The likeness was crafted as part of an investigation into how the teenage pharaoh died more than 3,000 years ago.
The fiberglass cast of Tut's head, based on computer models generated from 1969 X-rays of his mummified corpse, shows an attractive round-headed youth with full lips. But it bears little resemblance to the golden funeral mask found in the pharaoh's tomb.
The opulent tomb of Tut, who died around 1350 B.C., was found almost intact by British archaeologist Howard Carter in 1922. His glittering death mask and golden coffin are among the most famous Egyptian artifacts in the world.
For a documentary to be broadcast in October, investigators led by Provo, Utah, police chief Greg Cooper and Mike King of the Utah Attorney General's office traveled to Egypt and examined Tutankhamun's tomb, as well as the 1969 X-rays.
They say the disheveled state of the artifacts in the tomb suggested Tutankhamun's burial was done hurriedly and haphazardly, while the X-rays revealed evidence of a blow to the back of the head.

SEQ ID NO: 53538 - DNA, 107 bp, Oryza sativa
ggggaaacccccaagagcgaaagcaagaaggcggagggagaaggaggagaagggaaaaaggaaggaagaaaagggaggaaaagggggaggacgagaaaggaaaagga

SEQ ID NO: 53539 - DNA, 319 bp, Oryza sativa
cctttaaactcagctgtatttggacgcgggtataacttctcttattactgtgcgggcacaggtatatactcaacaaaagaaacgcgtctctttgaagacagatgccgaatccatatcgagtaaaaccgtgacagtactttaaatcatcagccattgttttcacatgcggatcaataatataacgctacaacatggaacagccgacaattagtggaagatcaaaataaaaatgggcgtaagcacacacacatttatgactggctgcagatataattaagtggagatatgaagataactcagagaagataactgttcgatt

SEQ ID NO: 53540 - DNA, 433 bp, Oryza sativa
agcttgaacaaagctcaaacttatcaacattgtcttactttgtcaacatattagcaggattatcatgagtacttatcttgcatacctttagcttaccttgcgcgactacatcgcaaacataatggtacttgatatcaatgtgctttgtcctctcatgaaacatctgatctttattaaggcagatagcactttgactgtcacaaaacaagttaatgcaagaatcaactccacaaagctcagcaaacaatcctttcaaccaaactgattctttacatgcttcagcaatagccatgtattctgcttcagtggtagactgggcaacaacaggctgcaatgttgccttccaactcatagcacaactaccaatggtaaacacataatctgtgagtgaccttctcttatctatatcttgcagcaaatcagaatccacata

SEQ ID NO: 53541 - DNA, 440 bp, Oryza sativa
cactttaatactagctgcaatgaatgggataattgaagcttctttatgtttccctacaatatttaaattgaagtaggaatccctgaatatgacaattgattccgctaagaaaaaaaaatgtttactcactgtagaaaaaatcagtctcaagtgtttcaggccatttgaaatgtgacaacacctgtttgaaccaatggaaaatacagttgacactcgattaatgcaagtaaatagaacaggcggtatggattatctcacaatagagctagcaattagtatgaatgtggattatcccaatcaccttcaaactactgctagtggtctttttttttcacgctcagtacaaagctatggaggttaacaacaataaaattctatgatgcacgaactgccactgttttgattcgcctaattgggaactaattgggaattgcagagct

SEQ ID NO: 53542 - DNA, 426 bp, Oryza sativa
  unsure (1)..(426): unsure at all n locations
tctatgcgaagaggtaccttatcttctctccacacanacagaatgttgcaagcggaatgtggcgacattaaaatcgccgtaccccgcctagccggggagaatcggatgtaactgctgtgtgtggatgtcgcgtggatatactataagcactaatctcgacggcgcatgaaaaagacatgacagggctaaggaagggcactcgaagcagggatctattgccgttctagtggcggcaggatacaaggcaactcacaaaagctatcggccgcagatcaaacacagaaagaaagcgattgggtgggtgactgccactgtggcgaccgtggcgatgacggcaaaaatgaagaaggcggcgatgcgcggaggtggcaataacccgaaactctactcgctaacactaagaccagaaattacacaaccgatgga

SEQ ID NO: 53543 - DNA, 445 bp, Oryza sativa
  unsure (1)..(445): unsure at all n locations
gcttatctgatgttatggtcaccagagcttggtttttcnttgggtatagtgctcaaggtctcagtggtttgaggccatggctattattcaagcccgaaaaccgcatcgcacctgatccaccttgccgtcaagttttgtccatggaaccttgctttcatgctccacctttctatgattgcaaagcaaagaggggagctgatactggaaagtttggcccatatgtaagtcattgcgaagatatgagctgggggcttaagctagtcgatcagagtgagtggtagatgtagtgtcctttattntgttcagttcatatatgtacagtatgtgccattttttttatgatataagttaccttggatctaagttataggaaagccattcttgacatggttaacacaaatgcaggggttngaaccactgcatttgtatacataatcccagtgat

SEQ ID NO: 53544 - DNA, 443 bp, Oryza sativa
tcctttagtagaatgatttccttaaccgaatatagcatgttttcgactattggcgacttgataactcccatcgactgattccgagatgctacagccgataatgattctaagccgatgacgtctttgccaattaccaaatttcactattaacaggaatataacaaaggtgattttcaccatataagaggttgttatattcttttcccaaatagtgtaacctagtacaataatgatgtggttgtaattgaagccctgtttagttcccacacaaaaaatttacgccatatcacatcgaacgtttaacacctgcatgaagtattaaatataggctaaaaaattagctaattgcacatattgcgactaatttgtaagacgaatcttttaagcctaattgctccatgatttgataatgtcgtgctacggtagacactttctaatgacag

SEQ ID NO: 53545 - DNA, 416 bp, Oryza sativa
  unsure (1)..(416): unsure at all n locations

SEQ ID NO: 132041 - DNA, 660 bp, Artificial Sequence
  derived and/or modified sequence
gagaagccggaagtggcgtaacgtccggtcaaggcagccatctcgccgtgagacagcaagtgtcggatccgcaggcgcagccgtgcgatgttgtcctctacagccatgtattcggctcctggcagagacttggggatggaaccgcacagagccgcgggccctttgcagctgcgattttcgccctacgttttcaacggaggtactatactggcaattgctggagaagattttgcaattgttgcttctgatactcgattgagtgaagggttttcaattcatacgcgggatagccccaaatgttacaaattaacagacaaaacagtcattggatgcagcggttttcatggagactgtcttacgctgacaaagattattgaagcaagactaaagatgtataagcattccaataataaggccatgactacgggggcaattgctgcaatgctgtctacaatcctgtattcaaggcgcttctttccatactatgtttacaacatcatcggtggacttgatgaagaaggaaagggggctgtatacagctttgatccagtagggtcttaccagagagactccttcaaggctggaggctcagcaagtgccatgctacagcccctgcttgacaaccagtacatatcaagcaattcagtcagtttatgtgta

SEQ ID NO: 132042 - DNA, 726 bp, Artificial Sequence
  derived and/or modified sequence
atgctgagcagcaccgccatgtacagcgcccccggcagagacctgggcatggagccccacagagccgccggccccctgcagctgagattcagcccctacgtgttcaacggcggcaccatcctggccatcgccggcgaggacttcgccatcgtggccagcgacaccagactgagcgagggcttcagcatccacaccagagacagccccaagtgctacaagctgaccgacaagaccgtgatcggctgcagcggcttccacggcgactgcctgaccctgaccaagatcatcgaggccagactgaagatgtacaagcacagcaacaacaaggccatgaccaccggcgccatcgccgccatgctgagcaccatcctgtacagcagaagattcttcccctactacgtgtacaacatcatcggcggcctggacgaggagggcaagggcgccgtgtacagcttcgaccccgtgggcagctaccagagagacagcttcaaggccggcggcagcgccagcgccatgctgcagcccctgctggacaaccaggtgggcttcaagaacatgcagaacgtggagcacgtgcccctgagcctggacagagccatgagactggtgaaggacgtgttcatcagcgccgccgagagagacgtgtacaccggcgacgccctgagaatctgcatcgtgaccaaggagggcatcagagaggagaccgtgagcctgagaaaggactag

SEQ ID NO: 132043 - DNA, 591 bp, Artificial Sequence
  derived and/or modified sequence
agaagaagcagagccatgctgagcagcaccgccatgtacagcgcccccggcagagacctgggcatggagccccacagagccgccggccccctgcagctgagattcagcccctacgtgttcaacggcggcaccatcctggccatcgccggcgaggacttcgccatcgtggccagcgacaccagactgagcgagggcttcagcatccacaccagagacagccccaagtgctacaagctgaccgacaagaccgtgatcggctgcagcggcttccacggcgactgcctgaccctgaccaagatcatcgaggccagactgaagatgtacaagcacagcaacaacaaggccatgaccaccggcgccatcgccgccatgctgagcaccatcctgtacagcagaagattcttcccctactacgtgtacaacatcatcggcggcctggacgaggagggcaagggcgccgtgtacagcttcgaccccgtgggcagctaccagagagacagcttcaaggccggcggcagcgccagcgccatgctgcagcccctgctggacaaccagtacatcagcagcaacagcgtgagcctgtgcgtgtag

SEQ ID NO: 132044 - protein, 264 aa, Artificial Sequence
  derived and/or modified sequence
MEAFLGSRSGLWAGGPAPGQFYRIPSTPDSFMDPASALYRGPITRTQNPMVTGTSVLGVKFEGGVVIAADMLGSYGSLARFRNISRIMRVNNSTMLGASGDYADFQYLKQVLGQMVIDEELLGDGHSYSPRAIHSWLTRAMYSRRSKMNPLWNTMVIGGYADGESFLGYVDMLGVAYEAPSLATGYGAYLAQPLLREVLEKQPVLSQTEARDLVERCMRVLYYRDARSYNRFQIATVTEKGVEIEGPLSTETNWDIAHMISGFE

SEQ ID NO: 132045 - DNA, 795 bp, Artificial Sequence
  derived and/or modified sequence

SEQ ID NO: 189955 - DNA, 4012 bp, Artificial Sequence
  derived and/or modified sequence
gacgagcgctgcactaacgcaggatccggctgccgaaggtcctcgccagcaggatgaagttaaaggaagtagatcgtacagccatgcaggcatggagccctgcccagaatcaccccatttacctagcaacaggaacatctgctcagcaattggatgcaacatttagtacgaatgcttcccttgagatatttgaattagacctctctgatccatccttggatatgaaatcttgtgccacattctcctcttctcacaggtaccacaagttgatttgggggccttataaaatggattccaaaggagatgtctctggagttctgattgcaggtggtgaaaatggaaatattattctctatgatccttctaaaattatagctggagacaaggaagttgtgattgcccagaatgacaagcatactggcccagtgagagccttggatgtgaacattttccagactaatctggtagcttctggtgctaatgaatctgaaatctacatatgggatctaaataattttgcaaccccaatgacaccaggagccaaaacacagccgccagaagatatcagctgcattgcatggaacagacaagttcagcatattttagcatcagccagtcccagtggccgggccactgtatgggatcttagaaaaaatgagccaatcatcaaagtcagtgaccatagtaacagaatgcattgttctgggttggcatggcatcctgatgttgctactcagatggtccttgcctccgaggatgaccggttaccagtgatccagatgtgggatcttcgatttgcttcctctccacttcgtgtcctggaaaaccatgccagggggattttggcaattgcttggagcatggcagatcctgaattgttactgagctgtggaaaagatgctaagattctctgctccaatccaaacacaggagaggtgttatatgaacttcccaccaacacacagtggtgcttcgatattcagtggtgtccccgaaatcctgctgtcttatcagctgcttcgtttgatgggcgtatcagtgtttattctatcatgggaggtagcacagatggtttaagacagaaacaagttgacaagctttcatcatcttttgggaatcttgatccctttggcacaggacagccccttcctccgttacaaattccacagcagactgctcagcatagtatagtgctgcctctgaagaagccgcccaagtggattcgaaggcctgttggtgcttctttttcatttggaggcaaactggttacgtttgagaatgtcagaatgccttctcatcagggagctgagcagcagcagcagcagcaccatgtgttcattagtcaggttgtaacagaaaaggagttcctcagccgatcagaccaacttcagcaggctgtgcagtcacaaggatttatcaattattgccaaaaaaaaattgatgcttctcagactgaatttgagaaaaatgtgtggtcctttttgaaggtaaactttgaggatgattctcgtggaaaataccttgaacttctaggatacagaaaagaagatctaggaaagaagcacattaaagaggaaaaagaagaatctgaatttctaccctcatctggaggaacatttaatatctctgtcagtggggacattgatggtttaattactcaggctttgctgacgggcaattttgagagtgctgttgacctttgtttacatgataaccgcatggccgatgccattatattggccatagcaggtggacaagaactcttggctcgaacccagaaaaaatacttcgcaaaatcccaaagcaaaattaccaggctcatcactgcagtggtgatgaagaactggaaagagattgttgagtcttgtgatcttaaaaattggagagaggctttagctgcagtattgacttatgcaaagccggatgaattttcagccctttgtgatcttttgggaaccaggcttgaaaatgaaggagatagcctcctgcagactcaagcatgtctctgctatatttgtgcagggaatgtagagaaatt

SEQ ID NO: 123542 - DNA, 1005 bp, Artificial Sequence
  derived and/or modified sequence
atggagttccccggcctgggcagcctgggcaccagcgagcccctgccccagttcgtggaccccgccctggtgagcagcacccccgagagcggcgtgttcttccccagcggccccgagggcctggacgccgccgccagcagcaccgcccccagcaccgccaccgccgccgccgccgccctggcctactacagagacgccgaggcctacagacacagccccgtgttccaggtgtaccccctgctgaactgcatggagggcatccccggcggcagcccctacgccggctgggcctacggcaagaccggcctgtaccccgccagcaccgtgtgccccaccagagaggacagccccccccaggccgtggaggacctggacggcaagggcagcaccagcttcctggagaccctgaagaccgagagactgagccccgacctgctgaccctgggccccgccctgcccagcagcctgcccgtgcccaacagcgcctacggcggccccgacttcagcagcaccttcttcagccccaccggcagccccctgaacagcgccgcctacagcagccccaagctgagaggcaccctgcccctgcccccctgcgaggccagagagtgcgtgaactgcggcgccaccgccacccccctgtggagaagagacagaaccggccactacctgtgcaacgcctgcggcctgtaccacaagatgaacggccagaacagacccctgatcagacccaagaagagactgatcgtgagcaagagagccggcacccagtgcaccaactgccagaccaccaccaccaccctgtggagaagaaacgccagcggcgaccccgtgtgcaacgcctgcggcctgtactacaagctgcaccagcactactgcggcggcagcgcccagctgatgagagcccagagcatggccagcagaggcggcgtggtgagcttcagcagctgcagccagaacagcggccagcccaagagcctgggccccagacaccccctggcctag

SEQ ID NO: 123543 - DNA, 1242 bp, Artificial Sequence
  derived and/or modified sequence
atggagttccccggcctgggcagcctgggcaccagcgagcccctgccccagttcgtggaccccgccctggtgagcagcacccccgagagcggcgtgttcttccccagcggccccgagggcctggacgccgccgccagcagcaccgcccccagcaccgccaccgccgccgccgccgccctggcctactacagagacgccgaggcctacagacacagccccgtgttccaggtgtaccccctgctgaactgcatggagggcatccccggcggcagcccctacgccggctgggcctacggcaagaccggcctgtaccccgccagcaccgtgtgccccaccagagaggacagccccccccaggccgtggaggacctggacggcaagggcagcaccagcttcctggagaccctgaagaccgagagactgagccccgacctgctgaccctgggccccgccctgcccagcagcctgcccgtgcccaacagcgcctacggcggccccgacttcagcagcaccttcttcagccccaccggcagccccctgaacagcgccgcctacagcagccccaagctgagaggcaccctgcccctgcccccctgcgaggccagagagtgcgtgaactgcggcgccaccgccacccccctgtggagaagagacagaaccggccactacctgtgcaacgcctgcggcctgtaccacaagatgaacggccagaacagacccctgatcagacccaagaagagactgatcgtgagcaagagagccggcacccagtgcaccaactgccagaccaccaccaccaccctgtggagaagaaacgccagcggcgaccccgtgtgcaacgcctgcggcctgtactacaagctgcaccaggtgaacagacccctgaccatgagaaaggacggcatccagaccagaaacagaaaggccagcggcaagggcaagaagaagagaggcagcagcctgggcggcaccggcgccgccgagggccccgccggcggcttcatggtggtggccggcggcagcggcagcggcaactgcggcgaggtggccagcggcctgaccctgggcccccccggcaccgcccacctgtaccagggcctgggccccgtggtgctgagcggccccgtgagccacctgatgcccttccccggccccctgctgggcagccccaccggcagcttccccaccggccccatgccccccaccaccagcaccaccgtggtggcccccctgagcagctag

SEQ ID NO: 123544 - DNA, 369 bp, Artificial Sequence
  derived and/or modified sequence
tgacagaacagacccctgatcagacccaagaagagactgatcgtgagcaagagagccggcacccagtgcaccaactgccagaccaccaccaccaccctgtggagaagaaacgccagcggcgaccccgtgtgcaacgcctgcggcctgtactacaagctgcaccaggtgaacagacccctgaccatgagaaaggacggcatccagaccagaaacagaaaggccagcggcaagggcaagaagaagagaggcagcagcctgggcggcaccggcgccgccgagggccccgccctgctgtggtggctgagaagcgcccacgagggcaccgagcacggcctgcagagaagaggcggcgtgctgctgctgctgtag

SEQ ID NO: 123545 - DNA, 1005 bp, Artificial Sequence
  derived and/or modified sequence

They examined the cases against four suspects in the king's death - Ay; his wife and half sister, Ankhesenamun; his treasurer, Maya; and his army commander Horemheb.
Their verdict will be revealed in a documentary about the investigation, to be broadcast on British television on Oct. 9. An article published in the Sunday Times said the team points the finger at Ay, who married Tutankhamun's widow and succeeded him as pharaoh.
Forensic scientists led by Salt Lake City chief medical examiner Todd Grey say the X-rays show that Tutankhamun probably suffered from a spinal disorder that fused together vertebrae in his neck and would have made him dependent on a cane to walk. More than 100 walking sticks were discovered in his tomb.
The king took the throne at the age of nine after the death of his father Akhenaten at age 18. The cause of Tut's death has long been debated, with theories ranging from hunting accident to murder.